Academic background: No formal education, but highly educated by her father and tutors
Work history: Full-time writer
Marriage and children: Married Percy B. Shelley when she was 19, had 3 children though only 1 survived
Worth noting: Had an affair (and a baby) with Percy until his wife committed suicide, after which they got married
Death: Illness likely caused by a brain tumour at the age of 53

Nelson Mandela (1918-)

Best known for: South Africa’s first black president elected by a fully democratic election, and badass anti-apartheid activist. He was inaugurated at the age of 76.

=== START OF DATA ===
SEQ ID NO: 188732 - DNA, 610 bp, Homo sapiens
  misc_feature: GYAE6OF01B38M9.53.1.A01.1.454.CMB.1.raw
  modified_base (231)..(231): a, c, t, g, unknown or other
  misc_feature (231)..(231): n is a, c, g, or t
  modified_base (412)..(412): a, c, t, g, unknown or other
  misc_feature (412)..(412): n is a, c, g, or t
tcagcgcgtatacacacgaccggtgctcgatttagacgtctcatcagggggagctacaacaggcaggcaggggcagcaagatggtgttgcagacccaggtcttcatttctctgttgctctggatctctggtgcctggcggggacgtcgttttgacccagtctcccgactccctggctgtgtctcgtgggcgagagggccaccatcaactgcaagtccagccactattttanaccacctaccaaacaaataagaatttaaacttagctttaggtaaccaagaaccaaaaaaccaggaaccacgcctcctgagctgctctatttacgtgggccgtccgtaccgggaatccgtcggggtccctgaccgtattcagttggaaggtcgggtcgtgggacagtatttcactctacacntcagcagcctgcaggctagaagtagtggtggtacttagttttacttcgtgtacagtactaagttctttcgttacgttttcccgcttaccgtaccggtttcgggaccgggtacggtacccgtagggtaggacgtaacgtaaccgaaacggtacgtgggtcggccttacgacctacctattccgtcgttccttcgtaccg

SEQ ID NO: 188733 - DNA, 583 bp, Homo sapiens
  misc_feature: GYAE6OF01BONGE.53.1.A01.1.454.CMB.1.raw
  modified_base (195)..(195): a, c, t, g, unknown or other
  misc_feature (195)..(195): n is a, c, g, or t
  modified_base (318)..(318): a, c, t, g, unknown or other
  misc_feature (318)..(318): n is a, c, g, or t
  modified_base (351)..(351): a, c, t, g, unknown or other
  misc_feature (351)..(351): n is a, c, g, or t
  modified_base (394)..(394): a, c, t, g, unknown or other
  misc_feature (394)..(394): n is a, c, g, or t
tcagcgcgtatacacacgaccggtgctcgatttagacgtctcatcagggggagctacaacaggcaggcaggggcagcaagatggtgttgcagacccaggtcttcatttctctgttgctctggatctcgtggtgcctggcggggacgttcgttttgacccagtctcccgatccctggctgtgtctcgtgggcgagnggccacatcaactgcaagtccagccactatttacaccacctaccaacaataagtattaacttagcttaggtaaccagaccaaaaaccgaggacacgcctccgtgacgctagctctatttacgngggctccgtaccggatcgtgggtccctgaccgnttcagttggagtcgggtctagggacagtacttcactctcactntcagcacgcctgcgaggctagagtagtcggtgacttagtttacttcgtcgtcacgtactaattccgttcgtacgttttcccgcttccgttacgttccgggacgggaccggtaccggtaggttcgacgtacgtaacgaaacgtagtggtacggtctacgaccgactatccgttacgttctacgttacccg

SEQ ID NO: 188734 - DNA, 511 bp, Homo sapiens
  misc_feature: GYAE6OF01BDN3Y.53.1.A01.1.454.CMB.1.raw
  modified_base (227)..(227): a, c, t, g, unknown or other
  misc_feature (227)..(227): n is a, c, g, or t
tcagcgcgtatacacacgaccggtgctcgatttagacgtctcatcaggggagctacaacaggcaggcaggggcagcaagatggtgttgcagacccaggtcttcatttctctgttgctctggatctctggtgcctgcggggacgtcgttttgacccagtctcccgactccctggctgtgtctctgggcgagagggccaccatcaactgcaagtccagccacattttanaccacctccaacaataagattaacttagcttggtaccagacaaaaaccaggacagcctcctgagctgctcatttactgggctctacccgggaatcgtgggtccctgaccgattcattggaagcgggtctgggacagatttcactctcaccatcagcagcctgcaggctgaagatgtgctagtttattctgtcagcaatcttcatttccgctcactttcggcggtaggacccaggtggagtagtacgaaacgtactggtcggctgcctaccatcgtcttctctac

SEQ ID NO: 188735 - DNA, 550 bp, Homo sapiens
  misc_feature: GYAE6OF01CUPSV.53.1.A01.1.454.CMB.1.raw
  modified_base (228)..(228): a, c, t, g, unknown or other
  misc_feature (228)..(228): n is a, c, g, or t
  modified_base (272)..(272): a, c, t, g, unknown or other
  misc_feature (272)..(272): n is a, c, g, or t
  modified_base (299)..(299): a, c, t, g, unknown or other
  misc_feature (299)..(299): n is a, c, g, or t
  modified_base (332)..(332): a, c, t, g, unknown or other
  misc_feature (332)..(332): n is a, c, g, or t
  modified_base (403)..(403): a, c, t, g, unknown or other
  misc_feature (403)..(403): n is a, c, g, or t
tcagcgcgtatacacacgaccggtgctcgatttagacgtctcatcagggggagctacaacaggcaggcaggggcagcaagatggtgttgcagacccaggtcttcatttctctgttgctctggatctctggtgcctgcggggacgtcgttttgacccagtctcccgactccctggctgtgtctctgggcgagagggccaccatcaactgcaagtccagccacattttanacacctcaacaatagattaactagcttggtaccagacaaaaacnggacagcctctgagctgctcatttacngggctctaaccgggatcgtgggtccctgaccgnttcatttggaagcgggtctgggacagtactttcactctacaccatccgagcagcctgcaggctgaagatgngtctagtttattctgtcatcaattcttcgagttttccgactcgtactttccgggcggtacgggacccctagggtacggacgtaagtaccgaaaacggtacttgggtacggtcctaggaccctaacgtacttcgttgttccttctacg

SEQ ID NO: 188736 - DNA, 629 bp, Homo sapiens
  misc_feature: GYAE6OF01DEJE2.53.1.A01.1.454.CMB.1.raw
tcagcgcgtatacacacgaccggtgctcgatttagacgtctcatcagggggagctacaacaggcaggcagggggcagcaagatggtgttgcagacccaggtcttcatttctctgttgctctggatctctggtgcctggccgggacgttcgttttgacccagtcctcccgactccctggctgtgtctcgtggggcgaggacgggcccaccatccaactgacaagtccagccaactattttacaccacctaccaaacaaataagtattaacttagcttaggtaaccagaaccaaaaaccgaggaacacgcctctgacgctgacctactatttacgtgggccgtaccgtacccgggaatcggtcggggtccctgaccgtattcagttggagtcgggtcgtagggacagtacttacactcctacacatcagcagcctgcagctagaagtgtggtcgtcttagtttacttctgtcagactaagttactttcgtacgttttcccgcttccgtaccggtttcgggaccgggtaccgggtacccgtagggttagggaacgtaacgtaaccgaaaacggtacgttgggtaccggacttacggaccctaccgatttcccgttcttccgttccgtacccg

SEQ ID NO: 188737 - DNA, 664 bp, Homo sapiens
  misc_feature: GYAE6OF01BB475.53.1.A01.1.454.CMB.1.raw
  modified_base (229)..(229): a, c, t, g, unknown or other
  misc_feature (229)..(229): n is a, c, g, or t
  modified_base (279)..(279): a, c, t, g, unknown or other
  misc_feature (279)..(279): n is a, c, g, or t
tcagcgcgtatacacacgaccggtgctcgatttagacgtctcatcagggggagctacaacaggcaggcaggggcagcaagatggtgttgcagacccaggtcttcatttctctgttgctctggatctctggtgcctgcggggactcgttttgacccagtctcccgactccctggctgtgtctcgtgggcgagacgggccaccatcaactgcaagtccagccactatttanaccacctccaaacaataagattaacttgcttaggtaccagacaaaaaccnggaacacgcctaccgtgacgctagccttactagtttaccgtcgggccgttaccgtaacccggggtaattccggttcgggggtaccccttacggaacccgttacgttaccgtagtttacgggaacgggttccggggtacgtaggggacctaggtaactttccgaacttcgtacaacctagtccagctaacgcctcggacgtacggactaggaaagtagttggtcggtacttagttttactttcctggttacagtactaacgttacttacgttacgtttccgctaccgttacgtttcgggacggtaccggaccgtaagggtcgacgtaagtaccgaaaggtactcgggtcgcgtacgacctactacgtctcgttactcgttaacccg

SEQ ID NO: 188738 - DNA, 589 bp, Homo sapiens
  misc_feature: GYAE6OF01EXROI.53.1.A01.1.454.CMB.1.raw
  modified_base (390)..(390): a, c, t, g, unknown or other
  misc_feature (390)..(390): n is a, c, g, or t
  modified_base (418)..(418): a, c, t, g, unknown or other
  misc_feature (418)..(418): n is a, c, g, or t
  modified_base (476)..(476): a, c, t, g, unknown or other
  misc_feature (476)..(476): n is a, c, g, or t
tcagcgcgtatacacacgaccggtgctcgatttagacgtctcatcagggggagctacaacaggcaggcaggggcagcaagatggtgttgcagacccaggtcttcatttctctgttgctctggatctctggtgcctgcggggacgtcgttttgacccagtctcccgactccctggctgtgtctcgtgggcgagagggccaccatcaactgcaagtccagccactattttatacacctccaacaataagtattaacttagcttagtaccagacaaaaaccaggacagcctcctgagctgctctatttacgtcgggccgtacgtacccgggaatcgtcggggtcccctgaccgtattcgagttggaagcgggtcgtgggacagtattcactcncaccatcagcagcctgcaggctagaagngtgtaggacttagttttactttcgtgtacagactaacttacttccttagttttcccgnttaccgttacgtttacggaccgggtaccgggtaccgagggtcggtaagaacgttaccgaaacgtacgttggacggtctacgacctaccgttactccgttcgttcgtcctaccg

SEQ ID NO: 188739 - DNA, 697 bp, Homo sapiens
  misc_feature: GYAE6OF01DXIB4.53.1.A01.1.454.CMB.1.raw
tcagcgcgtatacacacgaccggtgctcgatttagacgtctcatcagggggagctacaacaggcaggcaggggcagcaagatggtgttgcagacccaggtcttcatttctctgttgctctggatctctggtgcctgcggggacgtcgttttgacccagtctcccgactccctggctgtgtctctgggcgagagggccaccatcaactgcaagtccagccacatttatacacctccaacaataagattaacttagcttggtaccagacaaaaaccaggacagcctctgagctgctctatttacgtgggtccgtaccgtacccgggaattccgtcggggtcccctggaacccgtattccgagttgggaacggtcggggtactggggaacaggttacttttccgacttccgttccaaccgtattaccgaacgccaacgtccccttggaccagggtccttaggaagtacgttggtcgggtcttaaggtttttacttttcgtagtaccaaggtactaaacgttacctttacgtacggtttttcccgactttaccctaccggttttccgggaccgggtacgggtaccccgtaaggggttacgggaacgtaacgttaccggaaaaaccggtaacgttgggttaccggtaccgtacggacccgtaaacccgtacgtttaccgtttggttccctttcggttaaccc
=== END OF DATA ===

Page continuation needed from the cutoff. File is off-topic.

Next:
Zodiac sign: Cancer
Birthplace: Umtata, South Africa
Academic background: Earned his B.A. though correspondence and earned his law degree from the University of London while in prison.
Work history: Had a scattered political career, spent 27 years in prison for being a badass activist
Marriage and children: Married three times, at the ages of 26, 40 and 80. Had six children.
Worth nothing: Won the Nobel Peace Prize in 1993 (shared with another guy) at the age of 75.
Death: Don’t be morbid.

Kurt Vonnegut (1922-2007)

Best known for: Cat’s Cradle (1963), Slaughterhouse-Five (1969), Breakfast of Champions (1973), but he published his first novel Player Piano at the age of 30 in 1952
Zodiac sign: Scorpio
Birthplace: Indianapolis, Indiana